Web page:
I’m not a fan of time travel films, and Steve really doesn’t like them. I turned it on because I am very interested in what goes on in Stephen King’s head. I find his imagination and inventions delightful, and he just throws in anything that comes to him. It’s a quirky world.

I wanted to see what  Baby Boomer Stephen King is nostalgic about. All time travel is ultimately about nostalgia– perhaps even more than regret, because the idea of changing the past is not nearly as powerful as the idea of re-experiencing the past.

What caught my husband’s attention, though, is one little quirk in the formula– in Stephen King’s version of the past rectified, the past fights back. If the time traveler gets too close to changing something significant, Time responds with a really bad payback. For example, when Franco’s character goes into a phone booth and calls his own father, he gets a “bad line.” As soon as he steps out of the phone booth, a car careens through it, killing the driver. There’s one rule about the past, and it is: you don’t belong there. The past is alive and it doesn’t like change. At all.

The reason I thought of this today is that today the cancer got word that I’m coming for it, and it fought back.

One of the drugs in my chemotherapy treatment is called Taxol. I heard several times that this particular drug can be a total shock to the system (and it’s the first one in), so before administering it I was given a low dose of Benadryl, a low dose steroid, some anti-nausea meds. I could also have been prescribed a little morphine if I was in pain to begin with, which I wasn’t.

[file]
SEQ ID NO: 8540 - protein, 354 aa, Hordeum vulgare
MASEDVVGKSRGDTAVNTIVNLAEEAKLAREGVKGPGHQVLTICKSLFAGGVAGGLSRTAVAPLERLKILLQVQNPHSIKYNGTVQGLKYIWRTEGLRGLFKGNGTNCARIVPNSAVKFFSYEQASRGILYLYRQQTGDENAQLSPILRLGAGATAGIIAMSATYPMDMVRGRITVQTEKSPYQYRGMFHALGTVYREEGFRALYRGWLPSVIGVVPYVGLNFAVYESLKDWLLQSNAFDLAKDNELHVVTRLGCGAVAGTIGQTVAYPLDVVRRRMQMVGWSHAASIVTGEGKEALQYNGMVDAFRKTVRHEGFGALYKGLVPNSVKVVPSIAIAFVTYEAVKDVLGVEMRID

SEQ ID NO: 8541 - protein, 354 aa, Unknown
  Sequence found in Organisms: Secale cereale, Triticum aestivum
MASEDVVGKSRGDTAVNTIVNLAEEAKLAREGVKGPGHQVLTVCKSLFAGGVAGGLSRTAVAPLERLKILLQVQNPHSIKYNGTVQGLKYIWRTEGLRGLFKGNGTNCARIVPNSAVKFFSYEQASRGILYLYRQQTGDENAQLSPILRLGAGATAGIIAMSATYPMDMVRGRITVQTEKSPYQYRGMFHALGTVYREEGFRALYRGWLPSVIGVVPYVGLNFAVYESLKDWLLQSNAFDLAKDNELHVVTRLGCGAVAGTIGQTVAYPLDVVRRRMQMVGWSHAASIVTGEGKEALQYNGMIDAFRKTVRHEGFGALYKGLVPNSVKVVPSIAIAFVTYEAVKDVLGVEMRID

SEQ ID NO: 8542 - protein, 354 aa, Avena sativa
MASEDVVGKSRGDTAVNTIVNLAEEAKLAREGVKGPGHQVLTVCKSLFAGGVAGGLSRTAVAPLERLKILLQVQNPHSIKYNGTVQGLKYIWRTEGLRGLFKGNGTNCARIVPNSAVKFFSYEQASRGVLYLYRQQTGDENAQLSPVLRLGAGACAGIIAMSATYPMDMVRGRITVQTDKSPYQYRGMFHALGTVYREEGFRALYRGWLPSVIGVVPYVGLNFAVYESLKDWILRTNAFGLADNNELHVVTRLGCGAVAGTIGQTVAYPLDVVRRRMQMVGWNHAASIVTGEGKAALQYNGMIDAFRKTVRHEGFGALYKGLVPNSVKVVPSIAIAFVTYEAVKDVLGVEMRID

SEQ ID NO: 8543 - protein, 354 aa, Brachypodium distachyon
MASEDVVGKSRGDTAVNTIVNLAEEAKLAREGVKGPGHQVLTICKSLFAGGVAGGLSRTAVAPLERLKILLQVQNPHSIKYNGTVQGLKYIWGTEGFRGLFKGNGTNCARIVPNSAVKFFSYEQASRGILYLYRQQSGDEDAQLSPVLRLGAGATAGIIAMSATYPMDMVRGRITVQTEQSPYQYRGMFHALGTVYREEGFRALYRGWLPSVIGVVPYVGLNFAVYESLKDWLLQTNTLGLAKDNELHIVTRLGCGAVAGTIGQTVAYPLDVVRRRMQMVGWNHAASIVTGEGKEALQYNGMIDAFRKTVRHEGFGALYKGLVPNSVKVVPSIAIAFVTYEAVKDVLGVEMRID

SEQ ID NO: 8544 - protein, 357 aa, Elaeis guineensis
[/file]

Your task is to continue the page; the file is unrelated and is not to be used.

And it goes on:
The allergic reaction is very predictable and usually happens in the first 15 minutes. It took me 4. It is flushing, dropping blood pressure, difficulty breathing, and sometimes lower back spasms. It came on suddenly and was quite intense. The nurse came right away and turned off the IV. The protocol is another shot of Benadryl and then once the symptoms are gone, start up again. Invariably the body is prepared then and the treatment goes smoothly.

However, I had another symptom, horrible cramping in my abdomen, like very bad menstrual cramps. That is where the cancer is, and I figure it had just gotten the message that I am coming for it (no delicious glucose dye like it got with the PET scan last week).

I was desperate to get to the bathroom because of the cramps. After the Benadryl was administered and the nurse was going to wait a few minutes and start the med again, I insisted on going to the bathroom. The last thing I heard her say was “the bathroom is so close to your room– right here.”